IN THE UNITED STATES DISTRICT COURT FOR THE SOUTHERN DISTRICT OF ILLINOIS
September 28, 2010
GREGORY J. TURLEY, PLAINTIFF,
DANNY BEDINGER, ET AL., DEFENDANTS.
The opinion of the court was delivered by: Reagan, District Judge
MEMORANDUM AND ORDER
Plaintiff previously filed a motion to correct the collection of his filing fee under 28 U.S.C. § 1915(b) (Doc. 14). Plaintiff argues that because the Court revoked his pauper status, he should not be required to continue making payments towards the filing fee. The Court disagreed with him and denied the motion (Doc. 15). Now before the Court is Plaintiff's motion for reconsideration of that ruling (Doc. 16).
Technically, such a motion does not exist under the Federal Rules of Civil Procedure. The Seventh Circuit has held, however, that a motion challenging the merits of a district court order will automatically be considered as having been filed pursuant to Rule 59(e) or Rule 60(b) of the Federal Rules of Civil Procedure. See, e.g., Mares v. Busby, 34 F.3d 533, 535 (7th Cir. 1994); United States v. Deutsch, 981 F.2d 299, 300 (7th Cir. 1992). When, as here, the motion is filed within 28 days of the entry of judgment, whether the motion is analyzed under Rule 59(e) or Rule 60(b) depends upon the substance of the motion, not on the timing or label affixed to it. Borrero v. City of Chicago, 456 F.3d 698, 701-02 (7th Cir. 2006). When the substance and the label of the post-judgment motion are not in accord, district courts are directed to evaluate it "based on the reasons expressed by the movant." Obriecht v. Raemisch, 517 F.3d 489, 493 (7th Cir. 2008) (quoting Jennings v. Rivers, 394 F.3d 850, 855 (10th Cir. 2005)).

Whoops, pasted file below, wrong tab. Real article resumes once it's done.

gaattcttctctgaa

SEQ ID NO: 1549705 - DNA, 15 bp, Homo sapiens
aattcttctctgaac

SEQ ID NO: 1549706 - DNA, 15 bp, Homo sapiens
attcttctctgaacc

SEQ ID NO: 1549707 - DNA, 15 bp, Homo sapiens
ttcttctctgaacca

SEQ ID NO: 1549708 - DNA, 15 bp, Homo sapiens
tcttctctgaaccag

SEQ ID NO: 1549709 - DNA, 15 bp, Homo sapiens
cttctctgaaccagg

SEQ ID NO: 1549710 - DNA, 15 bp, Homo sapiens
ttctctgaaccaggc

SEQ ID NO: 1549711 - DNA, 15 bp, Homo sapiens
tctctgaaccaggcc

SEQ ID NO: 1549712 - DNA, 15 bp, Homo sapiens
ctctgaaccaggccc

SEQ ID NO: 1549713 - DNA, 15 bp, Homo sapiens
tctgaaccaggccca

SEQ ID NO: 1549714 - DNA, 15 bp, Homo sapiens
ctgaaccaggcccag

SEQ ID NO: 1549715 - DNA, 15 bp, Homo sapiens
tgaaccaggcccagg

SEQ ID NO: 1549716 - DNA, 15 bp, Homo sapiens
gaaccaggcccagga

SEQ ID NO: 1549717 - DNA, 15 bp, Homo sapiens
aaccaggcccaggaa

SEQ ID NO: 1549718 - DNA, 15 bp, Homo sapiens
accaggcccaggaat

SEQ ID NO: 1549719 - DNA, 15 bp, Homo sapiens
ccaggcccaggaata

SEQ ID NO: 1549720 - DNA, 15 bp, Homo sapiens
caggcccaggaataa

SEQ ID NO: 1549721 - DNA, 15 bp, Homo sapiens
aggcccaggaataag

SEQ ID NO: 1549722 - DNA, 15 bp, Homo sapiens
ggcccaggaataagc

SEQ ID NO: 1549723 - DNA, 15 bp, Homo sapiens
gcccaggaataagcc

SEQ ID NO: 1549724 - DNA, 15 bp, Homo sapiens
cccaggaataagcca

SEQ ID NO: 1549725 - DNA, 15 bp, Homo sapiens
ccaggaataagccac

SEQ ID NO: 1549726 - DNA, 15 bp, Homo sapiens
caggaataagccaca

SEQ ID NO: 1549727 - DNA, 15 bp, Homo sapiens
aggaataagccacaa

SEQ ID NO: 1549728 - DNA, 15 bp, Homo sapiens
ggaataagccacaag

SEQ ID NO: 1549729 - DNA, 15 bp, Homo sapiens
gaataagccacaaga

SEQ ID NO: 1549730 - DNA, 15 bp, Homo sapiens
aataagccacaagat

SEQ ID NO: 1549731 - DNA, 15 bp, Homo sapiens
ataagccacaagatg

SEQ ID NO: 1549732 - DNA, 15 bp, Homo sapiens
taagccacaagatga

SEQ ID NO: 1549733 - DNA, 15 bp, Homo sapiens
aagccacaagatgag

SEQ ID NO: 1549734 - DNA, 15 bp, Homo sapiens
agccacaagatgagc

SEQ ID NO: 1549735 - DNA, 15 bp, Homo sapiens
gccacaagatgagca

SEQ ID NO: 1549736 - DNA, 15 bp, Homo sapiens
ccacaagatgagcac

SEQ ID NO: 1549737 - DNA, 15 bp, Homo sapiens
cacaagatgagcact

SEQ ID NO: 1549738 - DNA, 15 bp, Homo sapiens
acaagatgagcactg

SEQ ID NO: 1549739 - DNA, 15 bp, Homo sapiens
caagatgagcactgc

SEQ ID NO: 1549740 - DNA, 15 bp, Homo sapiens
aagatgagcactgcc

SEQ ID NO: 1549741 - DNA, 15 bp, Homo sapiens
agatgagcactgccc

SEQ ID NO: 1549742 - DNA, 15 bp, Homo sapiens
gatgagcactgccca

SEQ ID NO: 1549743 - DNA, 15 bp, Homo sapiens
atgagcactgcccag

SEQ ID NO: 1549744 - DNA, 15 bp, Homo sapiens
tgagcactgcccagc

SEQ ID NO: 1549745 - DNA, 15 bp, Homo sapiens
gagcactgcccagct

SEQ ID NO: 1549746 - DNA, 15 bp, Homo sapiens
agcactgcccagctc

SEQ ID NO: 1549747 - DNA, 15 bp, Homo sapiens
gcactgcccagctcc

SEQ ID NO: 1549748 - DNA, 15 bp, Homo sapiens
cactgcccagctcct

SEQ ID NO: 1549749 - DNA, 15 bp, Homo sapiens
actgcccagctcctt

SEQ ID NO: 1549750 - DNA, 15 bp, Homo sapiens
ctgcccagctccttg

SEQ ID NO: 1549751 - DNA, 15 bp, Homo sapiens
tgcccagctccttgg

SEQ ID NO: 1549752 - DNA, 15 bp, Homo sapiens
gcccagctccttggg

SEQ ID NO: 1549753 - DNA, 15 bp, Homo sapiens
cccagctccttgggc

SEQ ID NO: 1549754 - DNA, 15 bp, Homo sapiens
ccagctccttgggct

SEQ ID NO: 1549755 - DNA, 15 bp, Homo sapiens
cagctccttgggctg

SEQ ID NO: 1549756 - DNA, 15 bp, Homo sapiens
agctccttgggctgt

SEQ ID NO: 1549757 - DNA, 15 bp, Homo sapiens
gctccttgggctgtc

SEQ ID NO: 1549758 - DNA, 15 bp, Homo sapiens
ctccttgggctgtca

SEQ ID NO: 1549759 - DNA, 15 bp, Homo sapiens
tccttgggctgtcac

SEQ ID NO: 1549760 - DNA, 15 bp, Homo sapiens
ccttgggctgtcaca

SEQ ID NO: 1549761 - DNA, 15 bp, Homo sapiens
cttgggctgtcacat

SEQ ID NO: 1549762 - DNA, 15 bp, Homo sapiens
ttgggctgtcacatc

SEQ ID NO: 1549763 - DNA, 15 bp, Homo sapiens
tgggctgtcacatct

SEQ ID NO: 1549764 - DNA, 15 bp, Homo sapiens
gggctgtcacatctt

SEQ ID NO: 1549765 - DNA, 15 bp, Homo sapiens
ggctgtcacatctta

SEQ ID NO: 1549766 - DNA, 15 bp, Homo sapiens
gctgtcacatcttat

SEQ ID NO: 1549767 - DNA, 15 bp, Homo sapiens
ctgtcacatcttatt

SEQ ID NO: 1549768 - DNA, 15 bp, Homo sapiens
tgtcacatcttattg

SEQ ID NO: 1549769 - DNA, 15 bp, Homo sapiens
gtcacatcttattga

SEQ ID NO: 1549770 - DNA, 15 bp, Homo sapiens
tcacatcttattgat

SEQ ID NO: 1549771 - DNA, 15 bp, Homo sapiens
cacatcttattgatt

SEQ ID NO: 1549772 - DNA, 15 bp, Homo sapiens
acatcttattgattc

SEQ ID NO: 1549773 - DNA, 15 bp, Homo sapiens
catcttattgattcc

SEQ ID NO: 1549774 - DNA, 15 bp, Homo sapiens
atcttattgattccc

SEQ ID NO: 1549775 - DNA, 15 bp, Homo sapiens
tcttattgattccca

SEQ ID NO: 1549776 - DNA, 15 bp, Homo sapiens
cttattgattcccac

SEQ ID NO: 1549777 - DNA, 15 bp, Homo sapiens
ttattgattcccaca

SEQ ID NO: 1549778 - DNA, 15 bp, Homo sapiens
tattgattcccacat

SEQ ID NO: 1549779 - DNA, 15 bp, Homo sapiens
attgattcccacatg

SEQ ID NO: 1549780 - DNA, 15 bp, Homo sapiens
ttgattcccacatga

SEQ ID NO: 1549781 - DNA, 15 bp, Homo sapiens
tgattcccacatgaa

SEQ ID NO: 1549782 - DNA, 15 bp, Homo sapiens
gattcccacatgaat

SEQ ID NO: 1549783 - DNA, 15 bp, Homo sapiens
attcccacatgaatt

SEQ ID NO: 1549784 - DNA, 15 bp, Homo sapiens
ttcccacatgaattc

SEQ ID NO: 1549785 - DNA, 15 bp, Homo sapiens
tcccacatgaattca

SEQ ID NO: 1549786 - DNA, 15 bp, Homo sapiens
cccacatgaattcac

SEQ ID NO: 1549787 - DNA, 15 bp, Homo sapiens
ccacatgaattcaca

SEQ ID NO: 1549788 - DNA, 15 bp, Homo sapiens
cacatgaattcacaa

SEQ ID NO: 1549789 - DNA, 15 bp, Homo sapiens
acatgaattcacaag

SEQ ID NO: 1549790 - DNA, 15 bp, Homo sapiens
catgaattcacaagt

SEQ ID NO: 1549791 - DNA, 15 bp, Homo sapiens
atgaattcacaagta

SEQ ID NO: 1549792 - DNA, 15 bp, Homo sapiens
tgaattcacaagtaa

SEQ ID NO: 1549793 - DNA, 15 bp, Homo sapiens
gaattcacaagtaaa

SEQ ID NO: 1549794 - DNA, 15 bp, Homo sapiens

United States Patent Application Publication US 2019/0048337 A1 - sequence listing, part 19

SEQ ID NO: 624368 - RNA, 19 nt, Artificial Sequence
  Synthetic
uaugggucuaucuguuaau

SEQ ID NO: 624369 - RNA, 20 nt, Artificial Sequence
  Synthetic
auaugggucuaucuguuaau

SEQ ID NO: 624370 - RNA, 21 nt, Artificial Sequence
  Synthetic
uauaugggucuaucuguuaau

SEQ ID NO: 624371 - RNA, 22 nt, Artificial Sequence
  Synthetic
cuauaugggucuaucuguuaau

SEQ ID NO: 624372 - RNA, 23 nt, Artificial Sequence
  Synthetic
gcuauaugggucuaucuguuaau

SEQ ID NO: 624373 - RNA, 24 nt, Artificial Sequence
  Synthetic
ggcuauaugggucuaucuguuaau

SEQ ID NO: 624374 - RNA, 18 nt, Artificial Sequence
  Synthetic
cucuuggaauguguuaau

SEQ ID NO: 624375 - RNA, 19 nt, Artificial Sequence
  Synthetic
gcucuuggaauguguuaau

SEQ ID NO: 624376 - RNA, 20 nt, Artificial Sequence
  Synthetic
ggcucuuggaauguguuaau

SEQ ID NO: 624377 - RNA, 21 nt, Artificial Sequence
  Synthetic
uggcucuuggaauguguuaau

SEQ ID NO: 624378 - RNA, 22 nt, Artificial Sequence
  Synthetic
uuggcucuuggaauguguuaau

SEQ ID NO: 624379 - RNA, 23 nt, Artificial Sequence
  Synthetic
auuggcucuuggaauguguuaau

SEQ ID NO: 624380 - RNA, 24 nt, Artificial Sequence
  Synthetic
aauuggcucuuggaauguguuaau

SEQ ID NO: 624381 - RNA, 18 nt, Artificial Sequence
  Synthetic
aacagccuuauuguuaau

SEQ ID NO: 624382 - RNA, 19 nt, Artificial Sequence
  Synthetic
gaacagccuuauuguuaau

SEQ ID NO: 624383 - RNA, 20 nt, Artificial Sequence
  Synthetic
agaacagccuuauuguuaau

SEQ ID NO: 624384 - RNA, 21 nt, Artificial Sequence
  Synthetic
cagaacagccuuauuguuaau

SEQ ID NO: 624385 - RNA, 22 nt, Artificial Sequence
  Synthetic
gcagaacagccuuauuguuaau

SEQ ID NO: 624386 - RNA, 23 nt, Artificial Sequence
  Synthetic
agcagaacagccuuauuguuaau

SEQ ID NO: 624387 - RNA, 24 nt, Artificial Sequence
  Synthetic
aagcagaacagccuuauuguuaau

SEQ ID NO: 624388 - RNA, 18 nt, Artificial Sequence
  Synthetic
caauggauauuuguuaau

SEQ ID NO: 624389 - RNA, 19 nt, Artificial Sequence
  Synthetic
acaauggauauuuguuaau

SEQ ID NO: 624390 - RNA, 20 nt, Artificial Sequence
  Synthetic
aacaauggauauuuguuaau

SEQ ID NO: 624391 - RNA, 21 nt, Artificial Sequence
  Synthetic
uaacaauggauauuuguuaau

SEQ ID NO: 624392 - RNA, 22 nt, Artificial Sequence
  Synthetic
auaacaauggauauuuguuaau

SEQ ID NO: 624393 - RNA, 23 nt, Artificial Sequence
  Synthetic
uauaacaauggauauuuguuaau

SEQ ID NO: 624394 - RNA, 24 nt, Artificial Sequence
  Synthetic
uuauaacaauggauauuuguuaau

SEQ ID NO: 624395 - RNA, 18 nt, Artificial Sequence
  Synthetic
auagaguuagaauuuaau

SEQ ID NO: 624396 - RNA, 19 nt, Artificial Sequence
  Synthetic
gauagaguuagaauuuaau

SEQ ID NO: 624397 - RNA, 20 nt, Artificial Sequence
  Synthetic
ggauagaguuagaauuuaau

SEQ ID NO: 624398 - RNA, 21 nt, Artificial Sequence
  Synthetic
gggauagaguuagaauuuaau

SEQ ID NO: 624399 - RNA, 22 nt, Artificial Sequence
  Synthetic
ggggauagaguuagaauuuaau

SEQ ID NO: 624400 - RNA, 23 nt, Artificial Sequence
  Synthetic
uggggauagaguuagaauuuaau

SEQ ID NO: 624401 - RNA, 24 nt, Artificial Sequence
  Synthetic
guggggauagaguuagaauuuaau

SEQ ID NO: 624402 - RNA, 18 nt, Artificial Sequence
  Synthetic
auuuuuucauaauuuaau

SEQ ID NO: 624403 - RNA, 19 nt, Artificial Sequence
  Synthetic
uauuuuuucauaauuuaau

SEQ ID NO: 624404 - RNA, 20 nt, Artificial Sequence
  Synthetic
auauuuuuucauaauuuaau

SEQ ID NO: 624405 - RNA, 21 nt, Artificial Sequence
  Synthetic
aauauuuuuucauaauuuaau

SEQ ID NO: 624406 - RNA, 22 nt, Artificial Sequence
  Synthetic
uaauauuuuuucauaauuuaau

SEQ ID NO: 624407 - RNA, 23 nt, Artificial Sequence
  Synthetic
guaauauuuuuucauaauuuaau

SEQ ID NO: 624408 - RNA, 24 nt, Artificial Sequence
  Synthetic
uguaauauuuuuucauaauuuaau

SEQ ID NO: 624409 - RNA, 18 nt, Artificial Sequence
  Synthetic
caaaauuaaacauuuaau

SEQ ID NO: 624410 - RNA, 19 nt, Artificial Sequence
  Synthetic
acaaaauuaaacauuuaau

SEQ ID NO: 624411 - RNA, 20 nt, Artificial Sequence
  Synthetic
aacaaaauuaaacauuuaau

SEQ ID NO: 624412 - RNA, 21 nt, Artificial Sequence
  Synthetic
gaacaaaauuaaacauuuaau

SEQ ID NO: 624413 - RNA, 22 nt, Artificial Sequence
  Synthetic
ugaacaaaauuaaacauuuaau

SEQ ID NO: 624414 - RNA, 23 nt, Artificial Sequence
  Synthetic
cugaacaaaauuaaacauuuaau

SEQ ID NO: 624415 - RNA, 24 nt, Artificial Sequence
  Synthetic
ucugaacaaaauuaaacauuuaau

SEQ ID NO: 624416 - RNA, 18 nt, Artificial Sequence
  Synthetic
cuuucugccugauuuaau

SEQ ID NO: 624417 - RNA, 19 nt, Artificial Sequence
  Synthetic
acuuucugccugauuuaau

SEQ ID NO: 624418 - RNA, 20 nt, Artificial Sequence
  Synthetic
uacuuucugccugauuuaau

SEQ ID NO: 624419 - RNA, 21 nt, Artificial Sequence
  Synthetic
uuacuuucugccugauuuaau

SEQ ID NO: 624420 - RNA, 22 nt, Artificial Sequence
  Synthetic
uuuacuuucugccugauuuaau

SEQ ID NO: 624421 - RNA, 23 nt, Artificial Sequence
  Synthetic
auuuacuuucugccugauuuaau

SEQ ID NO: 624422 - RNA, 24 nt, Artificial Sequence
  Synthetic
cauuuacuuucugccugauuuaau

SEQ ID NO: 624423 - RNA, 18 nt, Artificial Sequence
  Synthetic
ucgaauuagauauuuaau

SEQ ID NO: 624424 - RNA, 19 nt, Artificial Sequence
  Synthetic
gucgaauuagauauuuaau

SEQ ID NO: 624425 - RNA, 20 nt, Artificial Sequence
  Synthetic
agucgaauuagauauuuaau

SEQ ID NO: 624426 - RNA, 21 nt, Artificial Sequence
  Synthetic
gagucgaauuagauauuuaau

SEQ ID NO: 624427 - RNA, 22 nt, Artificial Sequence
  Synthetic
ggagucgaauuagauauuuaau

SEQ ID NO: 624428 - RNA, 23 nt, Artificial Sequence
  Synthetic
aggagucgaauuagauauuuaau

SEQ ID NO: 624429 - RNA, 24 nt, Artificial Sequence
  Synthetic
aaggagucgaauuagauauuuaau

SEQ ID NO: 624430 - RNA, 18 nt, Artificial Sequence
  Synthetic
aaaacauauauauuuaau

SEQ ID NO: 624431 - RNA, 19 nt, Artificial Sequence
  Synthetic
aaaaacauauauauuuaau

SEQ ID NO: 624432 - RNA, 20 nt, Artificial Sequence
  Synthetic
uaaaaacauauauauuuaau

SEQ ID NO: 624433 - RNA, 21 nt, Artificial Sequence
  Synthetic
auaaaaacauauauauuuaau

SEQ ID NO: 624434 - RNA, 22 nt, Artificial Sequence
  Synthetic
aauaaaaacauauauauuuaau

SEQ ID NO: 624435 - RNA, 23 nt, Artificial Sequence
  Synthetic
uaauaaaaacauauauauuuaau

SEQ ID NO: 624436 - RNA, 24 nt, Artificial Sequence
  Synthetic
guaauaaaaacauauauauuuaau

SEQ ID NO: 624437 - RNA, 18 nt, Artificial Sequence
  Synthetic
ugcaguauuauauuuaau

A motion to alter or amend judgment filed pursuant to Rule 59(e) may only be granted if a movant shows there was mistake of law or fact or presents newly discovered evidence that could not have been discovered previously. Matter of Prince, 85 F.3d 314 (7th Cir. 1996), reh'g and suggestion for reh'g en banc denied, cert. denied 117 S.Ct. 608; Deutsch v. Burlington Northern R. Co., 983 F.2d 741 (7th Cir. 1993). In contrast, Rule 60(b) provides for relief from judgment for "mistake, inadvertence, surprise, or excusable neglect." FED.R.CIV.P. 60(b)(1).
Under either standard, the Court finds that the decision denying Plaintiff's motion to correct the fee assessment order was correct. Accordingly, the instant motion is DENIED.
IT IS SO ORDERED.
MICHAEL J. REAGAN United States District Judge
© 1992-2010 VersusLaw Inc.